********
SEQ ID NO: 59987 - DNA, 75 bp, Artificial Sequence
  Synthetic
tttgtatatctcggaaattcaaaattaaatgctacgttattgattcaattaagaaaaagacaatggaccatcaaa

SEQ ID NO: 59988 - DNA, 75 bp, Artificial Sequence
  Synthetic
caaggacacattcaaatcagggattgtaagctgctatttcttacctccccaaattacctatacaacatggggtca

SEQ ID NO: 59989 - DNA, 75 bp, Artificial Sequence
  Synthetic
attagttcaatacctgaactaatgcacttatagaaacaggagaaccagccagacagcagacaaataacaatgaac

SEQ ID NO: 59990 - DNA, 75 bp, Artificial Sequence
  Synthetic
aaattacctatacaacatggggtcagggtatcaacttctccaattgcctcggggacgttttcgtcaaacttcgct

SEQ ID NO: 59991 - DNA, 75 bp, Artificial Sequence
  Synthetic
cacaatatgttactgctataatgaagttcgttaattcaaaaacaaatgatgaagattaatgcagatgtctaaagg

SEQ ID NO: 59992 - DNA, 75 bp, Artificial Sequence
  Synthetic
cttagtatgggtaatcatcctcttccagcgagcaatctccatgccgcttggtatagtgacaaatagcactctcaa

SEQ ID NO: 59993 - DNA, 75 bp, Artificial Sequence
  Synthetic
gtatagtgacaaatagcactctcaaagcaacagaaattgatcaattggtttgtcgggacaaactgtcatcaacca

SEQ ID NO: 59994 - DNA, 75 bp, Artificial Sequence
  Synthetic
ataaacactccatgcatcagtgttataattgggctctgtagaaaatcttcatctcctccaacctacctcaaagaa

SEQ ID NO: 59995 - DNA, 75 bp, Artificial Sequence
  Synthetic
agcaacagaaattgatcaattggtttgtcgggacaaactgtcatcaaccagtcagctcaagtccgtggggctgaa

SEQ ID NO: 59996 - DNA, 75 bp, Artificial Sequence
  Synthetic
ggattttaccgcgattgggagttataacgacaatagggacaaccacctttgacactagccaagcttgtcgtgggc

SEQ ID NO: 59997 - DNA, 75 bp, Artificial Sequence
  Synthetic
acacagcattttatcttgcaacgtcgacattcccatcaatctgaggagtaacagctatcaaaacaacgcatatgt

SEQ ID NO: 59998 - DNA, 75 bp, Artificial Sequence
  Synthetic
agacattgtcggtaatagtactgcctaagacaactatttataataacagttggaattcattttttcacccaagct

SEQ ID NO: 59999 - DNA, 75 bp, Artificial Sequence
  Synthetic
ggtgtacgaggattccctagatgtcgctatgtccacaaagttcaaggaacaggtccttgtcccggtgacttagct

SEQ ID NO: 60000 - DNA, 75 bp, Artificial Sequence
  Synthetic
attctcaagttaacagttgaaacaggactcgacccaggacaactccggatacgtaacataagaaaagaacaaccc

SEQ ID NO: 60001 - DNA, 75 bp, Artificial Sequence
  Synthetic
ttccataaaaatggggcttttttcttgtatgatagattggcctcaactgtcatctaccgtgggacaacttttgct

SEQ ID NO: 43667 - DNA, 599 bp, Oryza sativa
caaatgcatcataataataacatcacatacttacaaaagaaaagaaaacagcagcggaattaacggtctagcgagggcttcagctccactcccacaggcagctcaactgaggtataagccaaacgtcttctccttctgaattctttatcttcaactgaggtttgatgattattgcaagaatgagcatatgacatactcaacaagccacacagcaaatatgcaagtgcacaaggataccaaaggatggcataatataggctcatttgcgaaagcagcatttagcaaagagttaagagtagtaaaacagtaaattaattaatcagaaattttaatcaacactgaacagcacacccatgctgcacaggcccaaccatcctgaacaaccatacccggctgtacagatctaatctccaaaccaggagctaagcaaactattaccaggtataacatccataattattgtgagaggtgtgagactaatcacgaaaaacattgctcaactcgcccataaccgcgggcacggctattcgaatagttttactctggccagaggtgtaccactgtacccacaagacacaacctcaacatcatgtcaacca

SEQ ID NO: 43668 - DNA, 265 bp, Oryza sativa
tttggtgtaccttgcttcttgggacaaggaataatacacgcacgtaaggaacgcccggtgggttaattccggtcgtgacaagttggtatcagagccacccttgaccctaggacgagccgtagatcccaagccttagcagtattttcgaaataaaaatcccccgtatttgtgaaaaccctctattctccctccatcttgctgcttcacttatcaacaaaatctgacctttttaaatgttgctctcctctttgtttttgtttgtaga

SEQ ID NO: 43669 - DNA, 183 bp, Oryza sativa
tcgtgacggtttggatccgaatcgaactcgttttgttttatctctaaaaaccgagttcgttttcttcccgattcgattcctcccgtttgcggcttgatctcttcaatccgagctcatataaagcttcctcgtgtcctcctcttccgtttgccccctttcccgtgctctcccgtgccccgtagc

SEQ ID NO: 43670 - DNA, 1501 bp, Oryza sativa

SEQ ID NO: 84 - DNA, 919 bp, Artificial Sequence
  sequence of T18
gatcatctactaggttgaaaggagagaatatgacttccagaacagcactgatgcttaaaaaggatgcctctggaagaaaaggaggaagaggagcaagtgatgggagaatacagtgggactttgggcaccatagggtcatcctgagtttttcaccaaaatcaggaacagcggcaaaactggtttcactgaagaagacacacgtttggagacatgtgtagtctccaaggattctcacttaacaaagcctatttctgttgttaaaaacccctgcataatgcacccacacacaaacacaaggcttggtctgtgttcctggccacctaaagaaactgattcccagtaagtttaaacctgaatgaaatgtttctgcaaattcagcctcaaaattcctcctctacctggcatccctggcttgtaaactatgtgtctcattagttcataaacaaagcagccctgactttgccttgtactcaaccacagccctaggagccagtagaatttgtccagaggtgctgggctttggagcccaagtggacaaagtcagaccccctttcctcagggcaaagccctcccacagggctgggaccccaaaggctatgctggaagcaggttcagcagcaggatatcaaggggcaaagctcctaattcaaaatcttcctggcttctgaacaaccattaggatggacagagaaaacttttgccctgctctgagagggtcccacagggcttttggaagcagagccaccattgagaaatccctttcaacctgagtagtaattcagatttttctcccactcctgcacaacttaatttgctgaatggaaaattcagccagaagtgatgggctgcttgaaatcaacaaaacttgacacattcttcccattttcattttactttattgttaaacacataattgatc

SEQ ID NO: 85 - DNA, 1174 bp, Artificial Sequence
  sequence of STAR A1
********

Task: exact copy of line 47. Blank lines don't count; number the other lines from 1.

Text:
caaatgcatcataataataacatcacatacttacaaaagaaaagaaaacagcagcggaattaacggtctagcgagggcttcagctccactcccacaggcagctcaactgaggtataagccaaacgtcttctccttctgaattctttatcttcaactgaggtttgatgattattgcaagaatgagcatatgacatactcaacaagccacacagcaaatatgcaagtgcacaaggataccaaaggatggcataatataggctcatttgcgaaagcagcatttagcaaagagttaagagtagtaaaacagtaaattaattaatcagaaattttaatcaacactgaacagcacacccatgctgcacaggcccaaccatcctgaacaaccatacccggctgtacagatctaatctccaaaccaggagctaagcaaactattaccaggtataacatccataattattgtgagaggtgtgagactaatcacgaaaaacattgctcaactcgcccataaccgcgggcacggctattcgaatagttttactctggccagaggtgtaccactgtacccacaagacacaacctcaacatcatgtcaacca